Alex Hamilton's paperback fastsellers of 1999

<p>Alex Hamilton's look at the paperback fastsellers of 1999</p><p>

The term "bestseller" was coined in the US around 1912. Before that, writers had "booms". The most notable boom of the 1890s was caused by Trilby, a three-volume melodrama about an artist's model who was fashioned into a superstar by a mesmerist, Svengali. Its author, Punch cartoonist George du Maurier, offered his idea to Henry James. However, James persuaded his friend that with his knowledge of Parisian vie de boh&egrave;me, he should write it himself. Its succ&egrave;s fou astounded both men. The publisher, Osgood &amp; McIlvaine, was initially cautious, as may be inferred from its offer of an advance of &pound;500 against a 25% royalty.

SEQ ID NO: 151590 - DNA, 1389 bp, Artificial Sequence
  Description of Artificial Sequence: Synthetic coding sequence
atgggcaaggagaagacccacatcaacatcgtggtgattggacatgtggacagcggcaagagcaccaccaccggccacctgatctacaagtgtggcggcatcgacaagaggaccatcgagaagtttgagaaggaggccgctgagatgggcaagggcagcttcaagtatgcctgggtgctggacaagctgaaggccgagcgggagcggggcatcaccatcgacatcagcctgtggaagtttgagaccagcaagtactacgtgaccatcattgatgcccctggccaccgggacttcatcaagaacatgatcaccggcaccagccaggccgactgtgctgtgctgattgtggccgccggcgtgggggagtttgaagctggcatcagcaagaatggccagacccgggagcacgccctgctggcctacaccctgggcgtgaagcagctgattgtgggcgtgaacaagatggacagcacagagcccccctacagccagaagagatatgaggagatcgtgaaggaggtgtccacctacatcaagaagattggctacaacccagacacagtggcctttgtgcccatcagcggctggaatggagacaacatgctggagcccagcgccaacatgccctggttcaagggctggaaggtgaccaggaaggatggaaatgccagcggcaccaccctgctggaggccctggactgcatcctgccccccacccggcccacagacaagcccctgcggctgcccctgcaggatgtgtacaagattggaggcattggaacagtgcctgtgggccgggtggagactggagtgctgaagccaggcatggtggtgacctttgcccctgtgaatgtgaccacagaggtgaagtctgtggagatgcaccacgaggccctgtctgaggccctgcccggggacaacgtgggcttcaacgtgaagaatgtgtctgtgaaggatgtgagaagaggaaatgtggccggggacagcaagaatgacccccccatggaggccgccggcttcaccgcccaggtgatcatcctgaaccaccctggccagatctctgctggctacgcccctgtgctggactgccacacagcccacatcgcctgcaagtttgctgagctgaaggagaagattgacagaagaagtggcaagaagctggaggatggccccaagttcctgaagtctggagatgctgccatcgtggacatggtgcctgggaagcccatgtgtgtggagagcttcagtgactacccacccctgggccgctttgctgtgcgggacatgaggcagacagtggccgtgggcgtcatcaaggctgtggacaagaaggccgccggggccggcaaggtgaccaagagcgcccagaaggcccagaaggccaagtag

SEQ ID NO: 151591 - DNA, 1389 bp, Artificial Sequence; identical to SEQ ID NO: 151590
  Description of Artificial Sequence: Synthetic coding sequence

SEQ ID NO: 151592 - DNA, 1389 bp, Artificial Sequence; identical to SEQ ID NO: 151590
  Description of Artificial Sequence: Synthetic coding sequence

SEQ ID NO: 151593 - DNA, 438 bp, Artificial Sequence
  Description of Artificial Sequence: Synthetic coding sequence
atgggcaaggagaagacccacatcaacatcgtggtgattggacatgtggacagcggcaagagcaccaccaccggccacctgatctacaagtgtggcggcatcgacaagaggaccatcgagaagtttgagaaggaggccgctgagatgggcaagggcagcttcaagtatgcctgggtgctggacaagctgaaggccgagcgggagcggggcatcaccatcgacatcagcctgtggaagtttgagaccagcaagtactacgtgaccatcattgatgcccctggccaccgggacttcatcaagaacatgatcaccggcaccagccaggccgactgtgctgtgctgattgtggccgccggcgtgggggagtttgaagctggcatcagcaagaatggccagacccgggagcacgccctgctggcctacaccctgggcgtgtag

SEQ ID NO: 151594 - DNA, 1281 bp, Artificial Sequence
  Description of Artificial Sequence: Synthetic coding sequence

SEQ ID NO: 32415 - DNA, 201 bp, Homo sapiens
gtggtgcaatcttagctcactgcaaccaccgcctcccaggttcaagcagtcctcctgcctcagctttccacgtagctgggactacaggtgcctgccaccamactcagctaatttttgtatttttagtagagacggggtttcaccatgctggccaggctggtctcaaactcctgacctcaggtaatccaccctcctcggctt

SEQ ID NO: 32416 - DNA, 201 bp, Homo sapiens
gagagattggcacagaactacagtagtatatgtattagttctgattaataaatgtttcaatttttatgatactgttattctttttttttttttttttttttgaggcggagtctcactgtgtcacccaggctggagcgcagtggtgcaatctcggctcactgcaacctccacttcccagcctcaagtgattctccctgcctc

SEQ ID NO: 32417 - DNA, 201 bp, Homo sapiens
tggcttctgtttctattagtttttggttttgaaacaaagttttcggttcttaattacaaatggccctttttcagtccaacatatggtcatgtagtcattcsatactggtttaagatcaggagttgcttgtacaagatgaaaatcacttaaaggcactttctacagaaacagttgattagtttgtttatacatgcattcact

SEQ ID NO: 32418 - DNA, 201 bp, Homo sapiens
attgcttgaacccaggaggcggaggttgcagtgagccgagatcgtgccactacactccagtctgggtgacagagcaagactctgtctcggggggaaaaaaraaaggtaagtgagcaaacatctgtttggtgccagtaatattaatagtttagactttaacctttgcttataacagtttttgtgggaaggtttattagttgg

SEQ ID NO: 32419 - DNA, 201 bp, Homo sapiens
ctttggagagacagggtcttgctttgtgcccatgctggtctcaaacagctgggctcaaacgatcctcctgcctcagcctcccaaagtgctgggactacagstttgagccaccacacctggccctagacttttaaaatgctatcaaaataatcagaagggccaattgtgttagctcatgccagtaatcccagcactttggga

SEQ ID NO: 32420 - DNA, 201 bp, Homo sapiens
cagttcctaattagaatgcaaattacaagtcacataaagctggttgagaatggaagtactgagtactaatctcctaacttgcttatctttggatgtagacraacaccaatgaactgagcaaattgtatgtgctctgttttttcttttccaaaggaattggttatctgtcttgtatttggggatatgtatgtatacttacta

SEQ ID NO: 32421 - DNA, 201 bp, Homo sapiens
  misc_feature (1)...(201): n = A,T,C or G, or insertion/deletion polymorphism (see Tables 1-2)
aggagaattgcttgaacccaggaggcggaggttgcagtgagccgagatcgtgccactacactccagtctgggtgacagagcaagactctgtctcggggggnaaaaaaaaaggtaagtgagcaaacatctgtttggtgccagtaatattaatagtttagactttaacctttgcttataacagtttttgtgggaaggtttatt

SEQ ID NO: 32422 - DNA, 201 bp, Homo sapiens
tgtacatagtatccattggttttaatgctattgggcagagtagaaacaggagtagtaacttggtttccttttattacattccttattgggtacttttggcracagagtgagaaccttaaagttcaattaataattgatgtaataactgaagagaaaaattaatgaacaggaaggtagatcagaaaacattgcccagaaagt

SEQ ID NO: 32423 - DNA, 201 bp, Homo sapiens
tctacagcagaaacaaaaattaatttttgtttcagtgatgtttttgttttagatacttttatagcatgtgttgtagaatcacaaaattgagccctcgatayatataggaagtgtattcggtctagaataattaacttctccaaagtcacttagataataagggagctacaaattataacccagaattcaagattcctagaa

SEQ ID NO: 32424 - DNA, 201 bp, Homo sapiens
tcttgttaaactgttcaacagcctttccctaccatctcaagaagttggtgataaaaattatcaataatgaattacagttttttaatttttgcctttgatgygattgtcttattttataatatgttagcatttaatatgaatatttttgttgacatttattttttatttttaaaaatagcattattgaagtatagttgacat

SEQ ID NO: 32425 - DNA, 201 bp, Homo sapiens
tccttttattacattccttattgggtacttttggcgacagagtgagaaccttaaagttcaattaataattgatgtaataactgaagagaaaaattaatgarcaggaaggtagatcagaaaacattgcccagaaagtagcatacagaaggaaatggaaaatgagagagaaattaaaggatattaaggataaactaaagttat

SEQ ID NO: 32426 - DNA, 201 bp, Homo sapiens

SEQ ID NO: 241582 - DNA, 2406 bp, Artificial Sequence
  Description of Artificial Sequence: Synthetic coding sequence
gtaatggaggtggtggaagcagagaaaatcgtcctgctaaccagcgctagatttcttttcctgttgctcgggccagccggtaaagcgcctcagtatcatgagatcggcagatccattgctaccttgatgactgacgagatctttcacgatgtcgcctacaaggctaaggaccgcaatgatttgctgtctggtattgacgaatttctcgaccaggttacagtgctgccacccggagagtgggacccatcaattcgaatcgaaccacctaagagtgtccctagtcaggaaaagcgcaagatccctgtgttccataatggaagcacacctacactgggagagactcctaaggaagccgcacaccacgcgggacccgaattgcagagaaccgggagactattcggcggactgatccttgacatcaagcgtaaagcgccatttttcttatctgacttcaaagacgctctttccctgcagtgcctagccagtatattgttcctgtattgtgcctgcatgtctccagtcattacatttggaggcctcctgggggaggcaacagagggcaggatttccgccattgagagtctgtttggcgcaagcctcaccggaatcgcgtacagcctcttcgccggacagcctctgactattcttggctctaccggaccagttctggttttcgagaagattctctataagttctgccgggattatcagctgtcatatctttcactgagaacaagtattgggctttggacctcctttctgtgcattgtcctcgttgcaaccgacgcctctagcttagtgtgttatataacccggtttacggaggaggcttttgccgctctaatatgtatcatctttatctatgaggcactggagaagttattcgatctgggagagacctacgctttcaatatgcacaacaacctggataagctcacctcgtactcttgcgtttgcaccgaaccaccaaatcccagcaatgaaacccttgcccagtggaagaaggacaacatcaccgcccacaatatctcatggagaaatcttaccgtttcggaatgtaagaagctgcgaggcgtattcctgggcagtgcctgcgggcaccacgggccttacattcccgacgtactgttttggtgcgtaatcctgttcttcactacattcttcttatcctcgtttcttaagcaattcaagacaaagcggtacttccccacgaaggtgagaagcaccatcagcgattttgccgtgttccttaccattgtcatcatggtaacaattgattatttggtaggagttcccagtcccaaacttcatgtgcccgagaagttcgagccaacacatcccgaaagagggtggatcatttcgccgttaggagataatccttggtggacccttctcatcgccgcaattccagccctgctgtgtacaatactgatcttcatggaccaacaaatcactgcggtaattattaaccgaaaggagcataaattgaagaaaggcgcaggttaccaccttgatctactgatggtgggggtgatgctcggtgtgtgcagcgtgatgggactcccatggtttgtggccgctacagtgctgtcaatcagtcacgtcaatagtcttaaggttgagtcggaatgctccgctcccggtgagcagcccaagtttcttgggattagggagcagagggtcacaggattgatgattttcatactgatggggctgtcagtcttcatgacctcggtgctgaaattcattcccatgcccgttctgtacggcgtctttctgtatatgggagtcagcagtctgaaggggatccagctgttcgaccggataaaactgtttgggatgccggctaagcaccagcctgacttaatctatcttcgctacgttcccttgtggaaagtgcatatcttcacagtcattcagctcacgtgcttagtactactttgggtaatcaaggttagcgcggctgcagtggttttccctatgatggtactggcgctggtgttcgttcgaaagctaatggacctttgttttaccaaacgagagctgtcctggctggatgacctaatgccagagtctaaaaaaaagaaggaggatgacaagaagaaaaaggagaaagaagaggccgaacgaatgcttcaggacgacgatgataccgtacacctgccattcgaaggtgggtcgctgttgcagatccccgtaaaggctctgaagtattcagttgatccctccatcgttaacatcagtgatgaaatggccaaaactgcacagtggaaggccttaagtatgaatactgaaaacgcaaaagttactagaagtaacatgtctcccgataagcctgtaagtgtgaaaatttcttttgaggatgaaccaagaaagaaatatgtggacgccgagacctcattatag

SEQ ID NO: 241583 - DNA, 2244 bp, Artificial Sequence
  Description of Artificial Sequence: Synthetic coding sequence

The serialisation of the novel in Harper's Weekly increased circulation of the magazine by 100,000 copies. Subsequently, a hat was named after the book, a kitchen range, shoes, haberdashery, even children and a town in Florida. In Britain, His Majesty's theatre was built on the proceeds of a musical based on the novel. Sadly, du Maurier himself was disenchanted. Henry James saw that his friend's pleasant sense of having done well was deprived of all sweetness, all privacy and all sanctity. Du Maurier found himself sunk in a landslide of illusions, of inane, incongruous letters, of interviewers and invaders. Du Maurier's other more serious novel was a lame duck. He said bitterly: "I hold that a boom means nothing as a sign of literary excellence, nothing but money."

James tried to pick up the pieces. "Let us," he urged the wretched author, "find a seat and endeavour--if it is in any way possible to arrive at a solution--to discover some reason for such a phenomenon as the success of Trilby."</p><p>